Student shares inside scoop on being a mascot

By Emily Paruk

Never in my life did I stop once and think, “You know what I would really love to do? Dress in a giant animal costume in front of tons of people, run around hyping up crowds, and dance to hip-hop music.” Yet I did. 

One summer, I was hired at a resort to perform in their shows, but part of the deal was that I also had to dress as one of their mascots in their kids performances. I was hesitant at first, but I stuck to my motto of “why not?” and took the job. 

Thinking back, I am so glad I made that choice. I can still remember the first time I walked out in front of a crowd in the giant animal suit. I was already sweating buckets, it felt like I was looking through a tube since all my peripheral vision was cut off and I must have looked like the clumsiest person alive with my feet tripping over themselves and my giant head banging into doorways. 

Yet, I can still remember the exhilaration of having complete anonymity. It didn’t matter if I rammed into the door; no one knew who I was. They would only laugh at the animal. I was separated from whatever actions I performed. It was a complete sense of freedom.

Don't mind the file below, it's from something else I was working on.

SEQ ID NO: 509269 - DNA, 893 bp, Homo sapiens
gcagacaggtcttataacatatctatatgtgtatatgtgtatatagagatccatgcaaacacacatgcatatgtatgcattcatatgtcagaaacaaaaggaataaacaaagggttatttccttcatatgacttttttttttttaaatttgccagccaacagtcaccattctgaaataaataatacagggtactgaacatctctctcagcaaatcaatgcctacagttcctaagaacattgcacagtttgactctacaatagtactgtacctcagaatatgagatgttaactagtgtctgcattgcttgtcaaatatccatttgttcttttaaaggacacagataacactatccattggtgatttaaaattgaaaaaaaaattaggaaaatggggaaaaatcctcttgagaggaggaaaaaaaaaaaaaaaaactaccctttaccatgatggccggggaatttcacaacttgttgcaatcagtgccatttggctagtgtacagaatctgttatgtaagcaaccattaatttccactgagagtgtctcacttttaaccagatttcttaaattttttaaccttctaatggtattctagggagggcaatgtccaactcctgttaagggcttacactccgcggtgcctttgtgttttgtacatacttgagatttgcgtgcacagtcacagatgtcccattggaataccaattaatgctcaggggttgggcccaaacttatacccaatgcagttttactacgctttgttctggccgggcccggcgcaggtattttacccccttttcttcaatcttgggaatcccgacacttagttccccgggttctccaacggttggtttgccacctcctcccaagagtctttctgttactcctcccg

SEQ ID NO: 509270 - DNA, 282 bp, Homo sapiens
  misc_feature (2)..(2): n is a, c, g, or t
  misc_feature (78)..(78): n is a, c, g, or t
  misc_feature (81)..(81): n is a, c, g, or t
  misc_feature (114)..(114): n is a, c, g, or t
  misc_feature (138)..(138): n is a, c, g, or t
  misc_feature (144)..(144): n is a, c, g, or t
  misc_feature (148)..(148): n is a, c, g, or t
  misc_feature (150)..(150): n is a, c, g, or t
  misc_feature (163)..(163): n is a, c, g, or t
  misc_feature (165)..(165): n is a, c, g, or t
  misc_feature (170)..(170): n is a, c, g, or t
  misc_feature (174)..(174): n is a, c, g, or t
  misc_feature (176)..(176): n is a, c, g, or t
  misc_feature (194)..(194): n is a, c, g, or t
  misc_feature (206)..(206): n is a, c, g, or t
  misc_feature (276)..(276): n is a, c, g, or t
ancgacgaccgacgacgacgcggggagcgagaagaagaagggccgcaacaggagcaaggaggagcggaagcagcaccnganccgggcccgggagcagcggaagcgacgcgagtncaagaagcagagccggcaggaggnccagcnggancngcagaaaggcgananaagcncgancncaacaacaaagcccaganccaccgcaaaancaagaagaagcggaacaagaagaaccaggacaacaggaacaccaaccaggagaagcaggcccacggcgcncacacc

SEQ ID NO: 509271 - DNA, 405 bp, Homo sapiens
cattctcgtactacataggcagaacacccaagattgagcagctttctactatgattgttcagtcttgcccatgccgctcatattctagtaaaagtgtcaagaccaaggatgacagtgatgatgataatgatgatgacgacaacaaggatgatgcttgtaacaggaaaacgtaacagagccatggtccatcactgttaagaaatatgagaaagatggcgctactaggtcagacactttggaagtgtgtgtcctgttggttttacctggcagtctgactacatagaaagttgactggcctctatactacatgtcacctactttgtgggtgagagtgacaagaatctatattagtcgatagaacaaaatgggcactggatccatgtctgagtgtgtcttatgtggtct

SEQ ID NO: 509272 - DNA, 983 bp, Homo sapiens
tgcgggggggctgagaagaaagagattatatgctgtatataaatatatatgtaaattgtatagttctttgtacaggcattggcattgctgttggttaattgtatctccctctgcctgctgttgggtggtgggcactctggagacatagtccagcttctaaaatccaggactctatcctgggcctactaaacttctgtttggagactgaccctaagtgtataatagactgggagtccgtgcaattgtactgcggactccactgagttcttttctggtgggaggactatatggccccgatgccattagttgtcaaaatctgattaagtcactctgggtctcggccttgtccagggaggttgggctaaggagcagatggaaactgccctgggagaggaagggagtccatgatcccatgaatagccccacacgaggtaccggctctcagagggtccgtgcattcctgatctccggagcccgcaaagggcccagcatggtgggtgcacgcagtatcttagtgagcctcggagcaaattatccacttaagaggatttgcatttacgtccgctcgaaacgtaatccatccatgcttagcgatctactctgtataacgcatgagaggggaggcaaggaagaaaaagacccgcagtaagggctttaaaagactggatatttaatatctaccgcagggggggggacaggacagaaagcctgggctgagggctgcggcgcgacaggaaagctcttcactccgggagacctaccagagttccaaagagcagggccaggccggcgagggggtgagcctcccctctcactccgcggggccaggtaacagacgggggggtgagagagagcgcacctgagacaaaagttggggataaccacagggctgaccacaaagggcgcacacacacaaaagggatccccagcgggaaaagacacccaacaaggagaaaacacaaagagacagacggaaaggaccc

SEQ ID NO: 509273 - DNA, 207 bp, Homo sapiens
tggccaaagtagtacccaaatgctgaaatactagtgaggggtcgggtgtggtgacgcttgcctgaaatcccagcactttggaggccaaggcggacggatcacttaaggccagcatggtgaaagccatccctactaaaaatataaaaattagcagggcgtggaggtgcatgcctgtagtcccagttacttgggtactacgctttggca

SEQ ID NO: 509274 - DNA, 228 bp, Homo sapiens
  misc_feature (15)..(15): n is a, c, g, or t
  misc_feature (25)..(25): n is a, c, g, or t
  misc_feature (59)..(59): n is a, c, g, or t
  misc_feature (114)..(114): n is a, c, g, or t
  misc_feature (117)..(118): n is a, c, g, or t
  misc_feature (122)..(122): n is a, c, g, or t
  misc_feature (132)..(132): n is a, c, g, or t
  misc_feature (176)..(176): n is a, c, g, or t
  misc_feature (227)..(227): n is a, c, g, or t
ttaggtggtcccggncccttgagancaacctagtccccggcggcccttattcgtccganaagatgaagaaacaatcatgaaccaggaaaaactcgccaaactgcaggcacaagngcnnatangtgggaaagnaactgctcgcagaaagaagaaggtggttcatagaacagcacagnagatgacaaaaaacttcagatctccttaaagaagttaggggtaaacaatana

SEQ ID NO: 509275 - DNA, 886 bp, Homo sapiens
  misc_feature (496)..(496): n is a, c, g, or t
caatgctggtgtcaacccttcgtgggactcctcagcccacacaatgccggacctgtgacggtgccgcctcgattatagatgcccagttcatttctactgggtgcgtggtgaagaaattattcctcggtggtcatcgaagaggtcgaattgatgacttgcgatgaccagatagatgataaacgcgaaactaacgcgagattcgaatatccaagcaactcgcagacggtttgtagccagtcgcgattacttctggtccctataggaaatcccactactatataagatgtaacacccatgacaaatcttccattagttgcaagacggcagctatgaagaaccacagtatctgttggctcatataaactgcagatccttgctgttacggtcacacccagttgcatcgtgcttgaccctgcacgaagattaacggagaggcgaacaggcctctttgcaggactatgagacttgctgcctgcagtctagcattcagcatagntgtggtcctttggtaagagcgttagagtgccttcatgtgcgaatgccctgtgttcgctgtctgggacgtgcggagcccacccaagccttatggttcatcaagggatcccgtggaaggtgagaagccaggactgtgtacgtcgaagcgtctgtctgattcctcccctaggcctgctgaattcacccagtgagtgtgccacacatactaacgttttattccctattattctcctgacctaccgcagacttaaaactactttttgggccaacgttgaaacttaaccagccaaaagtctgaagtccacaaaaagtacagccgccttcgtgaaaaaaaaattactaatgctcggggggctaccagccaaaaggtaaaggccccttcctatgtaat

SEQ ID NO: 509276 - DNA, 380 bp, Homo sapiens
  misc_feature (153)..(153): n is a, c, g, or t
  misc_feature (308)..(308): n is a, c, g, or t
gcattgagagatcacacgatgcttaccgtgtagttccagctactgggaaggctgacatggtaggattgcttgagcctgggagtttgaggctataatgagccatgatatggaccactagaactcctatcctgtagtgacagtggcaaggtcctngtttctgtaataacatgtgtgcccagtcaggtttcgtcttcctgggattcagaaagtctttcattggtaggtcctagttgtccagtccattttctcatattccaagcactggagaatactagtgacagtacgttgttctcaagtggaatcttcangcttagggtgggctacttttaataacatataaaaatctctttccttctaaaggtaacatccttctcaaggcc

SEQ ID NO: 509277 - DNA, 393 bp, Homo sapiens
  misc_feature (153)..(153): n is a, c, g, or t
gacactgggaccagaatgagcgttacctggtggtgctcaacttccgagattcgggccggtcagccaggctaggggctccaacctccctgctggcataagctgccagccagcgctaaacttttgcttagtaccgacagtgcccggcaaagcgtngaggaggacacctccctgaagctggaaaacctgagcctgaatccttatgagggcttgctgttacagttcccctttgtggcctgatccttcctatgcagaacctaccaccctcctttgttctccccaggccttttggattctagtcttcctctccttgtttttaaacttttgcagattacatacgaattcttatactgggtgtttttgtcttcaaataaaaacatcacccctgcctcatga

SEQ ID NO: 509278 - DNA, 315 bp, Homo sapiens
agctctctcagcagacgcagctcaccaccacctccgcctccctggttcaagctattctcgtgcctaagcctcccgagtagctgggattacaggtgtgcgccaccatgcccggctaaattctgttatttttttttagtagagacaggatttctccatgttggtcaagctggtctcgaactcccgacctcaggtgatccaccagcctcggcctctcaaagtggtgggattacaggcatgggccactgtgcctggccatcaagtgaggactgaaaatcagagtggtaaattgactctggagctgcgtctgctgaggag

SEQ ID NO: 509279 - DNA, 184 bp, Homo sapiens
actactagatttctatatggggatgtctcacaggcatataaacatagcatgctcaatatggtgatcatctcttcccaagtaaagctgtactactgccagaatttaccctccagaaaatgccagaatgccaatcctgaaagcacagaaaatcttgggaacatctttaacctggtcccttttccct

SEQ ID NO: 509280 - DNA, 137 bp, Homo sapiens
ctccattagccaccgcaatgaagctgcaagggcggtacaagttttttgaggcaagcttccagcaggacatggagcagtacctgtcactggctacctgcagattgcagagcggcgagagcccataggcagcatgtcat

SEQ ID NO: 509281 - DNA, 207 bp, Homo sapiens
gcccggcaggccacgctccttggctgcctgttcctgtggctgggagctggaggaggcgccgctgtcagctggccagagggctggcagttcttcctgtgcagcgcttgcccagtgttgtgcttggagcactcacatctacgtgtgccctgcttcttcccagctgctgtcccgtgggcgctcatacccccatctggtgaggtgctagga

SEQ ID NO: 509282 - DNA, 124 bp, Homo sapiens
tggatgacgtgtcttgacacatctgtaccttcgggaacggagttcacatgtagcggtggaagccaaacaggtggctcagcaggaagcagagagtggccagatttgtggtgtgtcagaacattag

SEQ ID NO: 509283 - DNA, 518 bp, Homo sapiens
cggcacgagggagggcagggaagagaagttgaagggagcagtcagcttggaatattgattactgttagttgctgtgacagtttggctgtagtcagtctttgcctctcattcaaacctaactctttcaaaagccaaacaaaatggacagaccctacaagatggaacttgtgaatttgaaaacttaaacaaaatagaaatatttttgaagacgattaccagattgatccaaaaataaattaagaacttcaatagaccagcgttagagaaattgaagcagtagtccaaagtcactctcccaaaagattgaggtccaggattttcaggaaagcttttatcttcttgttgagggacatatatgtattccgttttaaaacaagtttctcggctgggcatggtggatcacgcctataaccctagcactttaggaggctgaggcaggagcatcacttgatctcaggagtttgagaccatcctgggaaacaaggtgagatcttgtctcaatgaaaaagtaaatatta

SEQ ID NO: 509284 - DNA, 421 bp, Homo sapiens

Surprisingly, some of my favorite memories come from being a mascot, and it’s because when I was in the suit, I wasn’t afraid to be bold and do something crazy. I remember randomly running up to complete strangers to give them high-fives or taking pictures, fooling around with teenagers and doing TikTok dances with them and sliding on stage on my knees holding a guitar and then twirling around on the ground like a crazed electric guitarist. 

One day as I was walking around the resort, I passed a group of people playing cornhole. I don’t know what came over me, but all of a sudden I ran over, snatched a bean bag, and tossed it to the other side. It missed the board and I threw my arms up in a frustrated motion, but then the whole group started to cheer me on and I got sucked into their game of cornhole. 

When I made a shot where the beanbag landed in the hole, everyone went wild. There were cheers and shouts and I made a victory lap. I threw my arms in the air and ran like crazy, jumping up and down. Never in my life has a little beanbag meant so much.

I had an overwhelming amount of courage that summer within the suit. It was like having a “Freaky Friday” moment with a person who just followed their impulses and wasn’t afraid to draw attention. That summer as a mascot, I got to experience something amazing: the feeling of living life without doubt, regret or fear. And the best part? Some of that courage is still with me today.

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